Name that socket!
August 1, 2007 3:18 PM   Subscribe

My 1998 Camry has a socket in the dashboard underneath the cigarette lighter that is the same size & shape as a cigarette lighter socket but has a cover over it that says "110V". If I plug in my cell phone charger to this socket it doesn't work, I assume because the voltage on the charger doesn't match. My question: If I would like to power something from this socket with a standard household 2-pronged plug, what sort of adapter do I need? What's it called? Sorry for my lack of 'lectrical lingo knowledge.
posted by mattholomew to Technology (12 answers total)
Are you sure the cell phone charger works at all anymore? If you really plugged a car cell phone charger, designed for 12V DC, into 110V AC, it most likely shouldn't work anymore.

Meanwhile, I don't know anything for sure, but I'd bet there's a standard somewhere against using a cigarette lighter socket for 110V.
posted by TheOnlyCoolTim at 3:40 PM on August 1, 2007

Response by poster: I'm positive the charger works, I use it all the time. And I'm positive that the cover over the second socket says "110V".
posted by mattholomew at 3:43 PM on August 1, 2007

Is it a sticker? Someone could have put that there as a joke. Putting 110V on a socket you can stick your finger into isn't something any reasonable manufacturer would ever do. I'd suggest getting a voltmeter (DMM) and test that plug. Be careful as 110V is nothing to sneeze at. It probably won't kill you but you sure won't forget the experience.
posted by chairface at 3:50 PM on August 1, 2007

I also suggest getting the voltmeter. Since your charger still works, I'd say that even if there's supposed to be 110V there it's not working.

The socket for a standard 2 or 3 prong plug is called a NEMA connector, not that I know where to find a car outlet to NEMA socket converter.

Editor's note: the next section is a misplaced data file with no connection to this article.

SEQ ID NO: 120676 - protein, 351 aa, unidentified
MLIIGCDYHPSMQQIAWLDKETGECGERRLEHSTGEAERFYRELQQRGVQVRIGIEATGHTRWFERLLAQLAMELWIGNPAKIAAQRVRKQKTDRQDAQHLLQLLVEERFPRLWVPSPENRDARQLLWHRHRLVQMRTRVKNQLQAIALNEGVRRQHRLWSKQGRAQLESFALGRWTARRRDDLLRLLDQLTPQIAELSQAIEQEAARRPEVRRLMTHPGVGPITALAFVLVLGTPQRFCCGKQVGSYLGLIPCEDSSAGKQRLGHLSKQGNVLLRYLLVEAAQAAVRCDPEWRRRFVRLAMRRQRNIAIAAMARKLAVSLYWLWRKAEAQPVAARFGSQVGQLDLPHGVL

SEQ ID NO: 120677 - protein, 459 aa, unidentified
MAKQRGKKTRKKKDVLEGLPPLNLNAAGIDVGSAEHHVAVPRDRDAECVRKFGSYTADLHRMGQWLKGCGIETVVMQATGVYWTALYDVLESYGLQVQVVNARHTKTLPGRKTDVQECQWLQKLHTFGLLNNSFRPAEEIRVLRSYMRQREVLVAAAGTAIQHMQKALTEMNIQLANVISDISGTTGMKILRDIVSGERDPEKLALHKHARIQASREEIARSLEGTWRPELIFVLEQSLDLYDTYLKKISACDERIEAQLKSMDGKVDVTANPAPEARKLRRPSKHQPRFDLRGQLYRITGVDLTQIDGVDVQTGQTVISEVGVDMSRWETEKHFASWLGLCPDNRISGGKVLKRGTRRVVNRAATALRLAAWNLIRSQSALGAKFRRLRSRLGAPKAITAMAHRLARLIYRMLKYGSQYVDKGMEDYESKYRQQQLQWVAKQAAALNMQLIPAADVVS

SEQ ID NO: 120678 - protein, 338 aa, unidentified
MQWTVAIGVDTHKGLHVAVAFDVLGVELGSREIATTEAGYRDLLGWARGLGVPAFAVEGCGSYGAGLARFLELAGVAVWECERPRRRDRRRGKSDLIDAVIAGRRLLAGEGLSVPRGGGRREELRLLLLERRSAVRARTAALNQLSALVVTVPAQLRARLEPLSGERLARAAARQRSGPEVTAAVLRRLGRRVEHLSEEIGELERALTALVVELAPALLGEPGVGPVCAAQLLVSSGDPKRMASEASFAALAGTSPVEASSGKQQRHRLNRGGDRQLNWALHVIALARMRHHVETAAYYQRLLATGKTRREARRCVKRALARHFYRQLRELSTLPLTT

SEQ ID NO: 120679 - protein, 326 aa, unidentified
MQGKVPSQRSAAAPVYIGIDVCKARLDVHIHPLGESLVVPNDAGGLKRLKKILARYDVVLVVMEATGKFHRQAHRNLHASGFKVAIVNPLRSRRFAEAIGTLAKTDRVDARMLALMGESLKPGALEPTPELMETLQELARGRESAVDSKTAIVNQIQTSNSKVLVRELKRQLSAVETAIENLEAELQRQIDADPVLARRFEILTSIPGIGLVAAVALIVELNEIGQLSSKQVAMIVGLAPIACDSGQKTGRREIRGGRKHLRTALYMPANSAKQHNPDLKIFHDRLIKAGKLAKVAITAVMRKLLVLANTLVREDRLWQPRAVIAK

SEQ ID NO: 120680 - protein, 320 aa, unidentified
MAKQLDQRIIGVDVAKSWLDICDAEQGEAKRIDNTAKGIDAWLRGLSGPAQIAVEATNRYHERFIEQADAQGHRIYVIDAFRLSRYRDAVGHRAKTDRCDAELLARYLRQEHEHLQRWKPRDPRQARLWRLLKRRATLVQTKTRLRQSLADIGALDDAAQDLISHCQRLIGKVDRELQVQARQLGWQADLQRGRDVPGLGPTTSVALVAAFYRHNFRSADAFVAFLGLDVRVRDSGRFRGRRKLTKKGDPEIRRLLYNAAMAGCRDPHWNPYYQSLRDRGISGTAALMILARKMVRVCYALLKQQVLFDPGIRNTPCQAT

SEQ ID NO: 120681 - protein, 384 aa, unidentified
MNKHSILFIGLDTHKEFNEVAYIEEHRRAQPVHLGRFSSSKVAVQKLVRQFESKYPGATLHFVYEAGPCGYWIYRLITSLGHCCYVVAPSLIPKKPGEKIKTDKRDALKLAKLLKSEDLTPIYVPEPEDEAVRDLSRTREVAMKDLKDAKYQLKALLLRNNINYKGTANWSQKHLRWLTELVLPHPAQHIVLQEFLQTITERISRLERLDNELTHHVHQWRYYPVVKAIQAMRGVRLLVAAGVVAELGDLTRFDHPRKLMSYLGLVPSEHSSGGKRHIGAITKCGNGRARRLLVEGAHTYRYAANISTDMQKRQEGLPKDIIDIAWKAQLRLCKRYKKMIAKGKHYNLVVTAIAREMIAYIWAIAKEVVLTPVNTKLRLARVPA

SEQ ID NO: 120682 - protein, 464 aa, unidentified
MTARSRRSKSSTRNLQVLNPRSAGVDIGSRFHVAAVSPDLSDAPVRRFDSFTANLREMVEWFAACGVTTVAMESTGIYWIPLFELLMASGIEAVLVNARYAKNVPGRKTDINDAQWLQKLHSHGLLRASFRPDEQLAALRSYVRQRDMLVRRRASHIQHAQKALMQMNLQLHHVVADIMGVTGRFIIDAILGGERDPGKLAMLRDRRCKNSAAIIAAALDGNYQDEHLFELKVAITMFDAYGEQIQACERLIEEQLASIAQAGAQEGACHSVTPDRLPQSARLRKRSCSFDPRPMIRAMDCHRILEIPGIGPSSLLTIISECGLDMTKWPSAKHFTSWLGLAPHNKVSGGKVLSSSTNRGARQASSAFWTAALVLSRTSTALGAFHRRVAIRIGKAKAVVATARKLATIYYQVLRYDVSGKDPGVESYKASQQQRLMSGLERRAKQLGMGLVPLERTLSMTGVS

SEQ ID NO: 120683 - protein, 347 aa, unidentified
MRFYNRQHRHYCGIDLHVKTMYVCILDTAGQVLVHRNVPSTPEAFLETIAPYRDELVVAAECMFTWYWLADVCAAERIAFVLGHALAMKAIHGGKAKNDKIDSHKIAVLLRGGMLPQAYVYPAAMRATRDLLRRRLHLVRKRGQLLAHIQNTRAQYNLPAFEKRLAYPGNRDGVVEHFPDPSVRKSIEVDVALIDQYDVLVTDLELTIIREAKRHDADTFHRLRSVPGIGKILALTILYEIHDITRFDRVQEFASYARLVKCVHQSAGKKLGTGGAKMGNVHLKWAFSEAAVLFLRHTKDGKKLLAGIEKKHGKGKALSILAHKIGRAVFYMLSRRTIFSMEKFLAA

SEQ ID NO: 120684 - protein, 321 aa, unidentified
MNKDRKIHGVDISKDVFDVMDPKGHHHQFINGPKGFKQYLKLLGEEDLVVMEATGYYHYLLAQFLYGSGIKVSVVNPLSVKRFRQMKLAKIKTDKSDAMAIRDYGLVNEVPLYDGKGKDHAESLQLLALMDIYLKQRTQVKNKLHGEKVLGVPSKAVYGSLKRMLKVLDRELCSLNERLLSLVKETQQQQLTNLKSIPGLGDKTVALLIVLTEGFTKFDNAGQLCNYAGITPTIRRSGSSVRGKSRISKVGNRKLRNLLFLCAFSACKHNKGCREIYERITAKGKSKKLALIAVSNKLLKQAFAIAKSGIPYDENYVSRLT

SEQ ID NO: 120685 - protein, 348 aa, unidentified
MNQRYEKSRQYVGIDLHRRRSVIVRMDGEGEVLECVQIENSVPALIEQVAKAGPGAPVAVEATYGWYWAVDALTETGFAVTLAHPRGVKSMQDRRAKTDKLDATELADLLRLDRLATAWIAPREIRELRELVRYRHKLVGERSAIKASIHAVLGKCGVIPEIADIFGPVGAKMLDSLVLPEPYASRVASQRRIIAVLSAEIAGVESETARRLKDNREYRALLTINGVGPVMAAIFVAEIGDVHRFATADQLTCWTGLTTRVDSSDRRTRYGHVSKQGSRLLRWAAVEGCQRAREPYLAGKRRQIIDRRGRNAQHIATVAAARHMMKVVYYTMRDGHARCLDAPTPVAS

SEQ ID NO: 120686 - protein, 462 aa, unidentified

posted by TheOnlyCoolTim at 3:53 PM on August 1, 2007

Response by poster: Nope, not a sticker. It's a heavy-duty black plastic cover that's attached to the front of the socket and it has "110V" embossed on the front. I bought my car new so I assume it came this way from the factory unless someone was playing the most pointless joke in history.
posted by mattholomew at 3:54 PM on August 1, 2007

This is probably obvious ... but have you read the manual?
posted by yohko at 4:01 PM on August 1, 2007

My 2001 Camry has a 12V/120W outlet for car accessories, located beneath the cigarette lighter and covered with a similar black plastic cover. The purpose stated in the manual is to provide power even when the car is not running, suitable for laptops, portable devices, etc.

Are you -certain- that this is not 12V/120W?
posted by ellF at 4:06 PM on August 1, 2007

ellF has it, part way. To power a 110VAC appliance, you need something that both converts a car electrical system's DC power to AC, and raise the voltage to 110VAC, RMS (Root, Mean, Square). That "something" is called an inverter. The one I've just linked will not overtax the wiring feeding your cigarette-lighter style plug, as bigger, higher current capacity units are likely to do. Trying to use those big 500, 800, and 2500 watt inverters on cigarette lighter style outlets, should blow accessory fuses in your car's electrical box, and/or damage wiring, if you replace blown fuses with heavier current ones.
posted by paulsc at 4:19 PM on August 1, 2007

Seconding ellF. My 1999 Solara has the same thing, and it's essentially an always-on version of the cigarette lighter, which I've only used for my car charger for my cell phone.
posted by Brak at 4:46 PM on August 1, 2007

Just wanted to throw out there that 110v at 12 amps isn't really all that big of a deal, there's a fuse in-line anyway.
posted by TomMelee at 4:53 PM on August 1, 2007

It says 110W as in Watts. not 110V as in Volts
posted by wile e at 6:29 PM on August 1, 2007

Is it possibly a polarity issue? My old, old Toyota Tercel had this problem. I had to cut and switch the wires on several appliances to get them to work in the lighter socket.
posted by MrMoonPie at 8:40 AM on August 2, 2007

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